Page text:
As time passes and technology progresses, the need for multiple bank accounts seems irrelevant. Think about it – you have twice, maybe three times the burden of maintaining, tracking, and paying for multiple accounts. There are many reasons someone would want to, so let me share mine with you.
Assuming you hand out physical checks to your employees, having a separate payroll account can keep employees from having access to your operating bank account number. Since most payroll accounts are only funded at the time of a payroll run, the company’s dollar exposure to theft is limited.
Separate accounts for payroll and accounts payable enhances internal controls and enables the company to choose which individuals within the company have access to the bank accounts. The person processing A/P checks might not be the person you want having access to your payroll account.
Hacking is also a major issue, especially in finance. Many people believe that a second bank account will make sure payment is available only when needed. In case of a frozen bank account, lost credit cards, or stolen identity, a separate bank account is a good fallback.
If you have many employees and many vendors, reconciling one account with all transactions can be messy. Having separate accounts for payroll and operating expenses can streamline the reconciliation process.
When you have a separate payroll account, it also makes easier to locate lost, stolen or forged payroll checks.
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A business may have good reasons for separate bank accounts, but here are a couple of reasons why you might reconsider.
In the old days, you only put enough in payroll to prevent fraud, make the bank reconciliation easier, and limit authority. You can do this all electronically now. There are apps and websites available to help with payroll. Additionally, they include fraud prevention and aid with taxes. The need for a separate bank account with manual tracking is obsolete, because technology has your back!
Your operating account generally handles customer deposits and vendor payments. Businesses
may also use this separate account to pay for other overhead expenses such as sales dinners, store purchases, etc.
But again, technology has simplified this process. I attended a conference a couple of months ago, and one of the vendors focused on automating day-to-day transactions within companies. Many vendors offer auto-draft and many customers pay via ACH.
Accounting software such as Quickbooks interfaces directly with your credit card account allowing you to automatically upload, code and approve transactions in minutes rather than the hours it took just a few short years ago.
There are many more reasons to have multiple bank accounts, but many more reasons not to. For every new bank account created, there are hundreds of apps and websites to serve the same purpose.
Speaking of change, you should reconsider the way you’re doing things since times are changing. Are your business habits the best practice? I’m 60 years old. There, I said it. Yet I work with young entrepreneurs every year. Why am I 60 years old and thinking like a baby entrepreneur? Because I made the conscious decision to adapt and change. You can, too.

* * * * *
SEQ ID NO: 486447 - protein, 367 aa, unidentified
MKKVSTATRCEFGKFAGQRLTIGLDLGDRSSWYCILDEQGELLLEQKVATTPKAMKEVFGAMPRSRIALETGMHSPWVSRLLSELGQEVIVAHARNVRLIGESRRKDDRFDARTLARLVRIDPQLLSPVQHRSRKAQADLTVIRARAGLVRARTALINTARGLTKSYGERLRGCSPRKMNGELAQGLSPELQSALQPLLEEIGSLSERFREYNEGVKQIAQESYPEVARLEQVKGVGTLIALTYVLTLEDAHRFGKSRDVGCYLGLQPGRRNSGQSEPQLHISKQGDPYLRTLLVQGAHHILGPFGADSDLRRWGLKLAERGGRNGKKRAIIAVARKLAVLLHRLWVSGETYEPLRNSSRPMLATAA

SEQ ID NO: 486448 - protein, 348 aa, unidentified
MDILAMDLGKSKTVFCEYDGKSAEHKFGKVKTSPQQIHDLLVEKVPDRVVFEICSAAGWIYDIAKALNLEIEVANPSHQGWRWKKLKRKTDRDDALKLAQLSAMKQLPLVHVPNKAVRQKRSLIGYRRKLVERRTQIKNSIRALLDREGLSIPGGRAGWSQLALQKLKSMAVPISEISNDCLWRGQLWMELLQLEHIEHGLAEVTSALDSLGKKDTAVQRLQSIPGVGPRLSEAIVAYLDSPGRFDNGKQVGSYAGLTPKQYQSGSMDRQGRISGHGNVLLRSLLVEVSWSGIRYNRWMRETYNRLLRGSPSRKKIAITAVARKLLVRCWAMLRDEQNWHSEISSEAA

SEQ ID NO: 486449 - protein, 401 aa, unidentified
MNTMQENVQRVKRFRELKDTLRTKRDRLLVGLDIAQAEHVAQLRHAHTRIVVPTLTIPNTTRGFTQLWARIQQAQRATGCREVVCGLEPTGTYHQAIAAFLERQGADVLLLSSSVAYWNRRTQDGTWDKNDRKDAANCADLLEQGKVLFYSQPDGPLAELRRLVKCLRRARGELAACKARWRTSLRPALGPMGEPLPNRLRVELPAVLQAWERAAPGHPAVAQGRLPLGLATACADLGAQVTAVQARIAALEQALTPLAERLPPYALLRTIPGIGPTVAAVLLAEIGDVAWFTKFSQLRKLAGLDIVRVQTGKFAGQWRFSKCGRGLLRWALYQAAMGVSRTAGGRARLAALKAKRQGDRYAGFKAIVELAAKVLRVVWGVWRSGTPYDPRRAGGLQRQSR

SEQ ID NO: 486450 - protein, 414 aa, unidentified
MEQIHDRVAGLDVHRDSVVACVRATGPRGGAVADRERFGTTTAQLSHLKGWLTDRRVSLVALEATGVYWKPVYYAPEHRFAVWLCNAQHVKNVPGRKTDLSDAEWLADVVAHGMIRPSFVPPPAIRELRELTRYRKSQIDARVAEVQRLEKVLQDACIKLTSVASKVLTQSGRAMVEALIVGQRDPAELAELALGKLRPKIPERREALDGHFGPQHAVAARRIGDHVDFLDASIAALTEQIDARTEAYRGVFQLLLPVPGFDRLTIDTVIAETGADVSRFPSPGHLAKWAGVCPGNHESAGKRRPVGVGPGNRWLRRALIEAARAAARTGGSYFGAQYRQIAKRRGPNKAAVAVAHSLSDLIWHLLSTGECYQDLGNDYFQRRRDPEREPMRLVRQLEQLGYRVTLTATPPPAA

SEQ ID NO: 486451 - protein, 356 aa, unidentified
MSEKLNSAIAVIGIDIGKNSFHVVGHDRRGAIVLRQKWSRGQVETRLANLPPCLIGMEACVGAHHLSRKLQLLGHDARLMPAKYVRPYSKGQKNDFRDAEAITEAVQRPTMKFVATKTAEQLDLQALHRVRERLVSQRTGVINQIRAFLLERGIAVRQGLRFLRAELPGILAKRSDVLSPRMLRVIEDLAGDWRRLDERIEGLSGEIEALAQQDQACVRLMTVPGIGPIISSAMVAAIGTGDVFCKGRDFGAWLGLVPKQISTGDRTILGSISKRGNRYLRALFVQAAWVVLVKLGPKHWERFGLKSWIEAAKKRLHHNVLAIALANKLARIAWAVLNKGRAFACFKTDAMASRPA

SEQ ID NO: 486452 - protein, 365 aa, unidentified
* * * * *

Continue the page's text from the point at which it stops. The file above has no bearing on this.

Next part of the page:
Ever heard of Kodak, and how it failed? Kodak is a perfect example of how missing your technology window might destroy you in the long run. In 1975, Steve Sasson invented the first digital camera. However, management replied, “That’s cute, but don’t tell anyone about it” (via The New York Times). Not long after, Sony came out with the first digital camera to be sold.
What might have happened, if Kodak actually supported the new digital movement? Could they have avoided bankruptcy and held onto their status as an industry leader? They might have been the company to look to for more technologies, but instead, the management of Kodak was in denial. We can all learn from this, and trust technology to handle some of our business.
In my experience, many financial leaders are late adopters of technology. If there is a new and easier way to implement a task, the financial leaders are the last to get on board. Imagine how that trickles down throughout the business – the managers are the last to implement the change, the employees, and then the customers. Pretty soon, you’ll be irrelevant compared to the competition. How do we stay relevant in our industries? By adapting to change.
As we explained in our blog, “Are you a Luddite?” technology is not stealing jobs, it is creating new roles. Technology can eliminate the need for multiple bank accounts and make things easier for you. Don’t make things more complicated for your business than you need to!
Depending on your business, you may need to open another bank account. Whether you have another location, or if you have a separate entity under your business, you may consider this option. However, you’ll be paying extra bank fees, manually tracking double the account activity, and reconciling twice as many accounts. Your business should grow, not the number of accounts you have to fund it.
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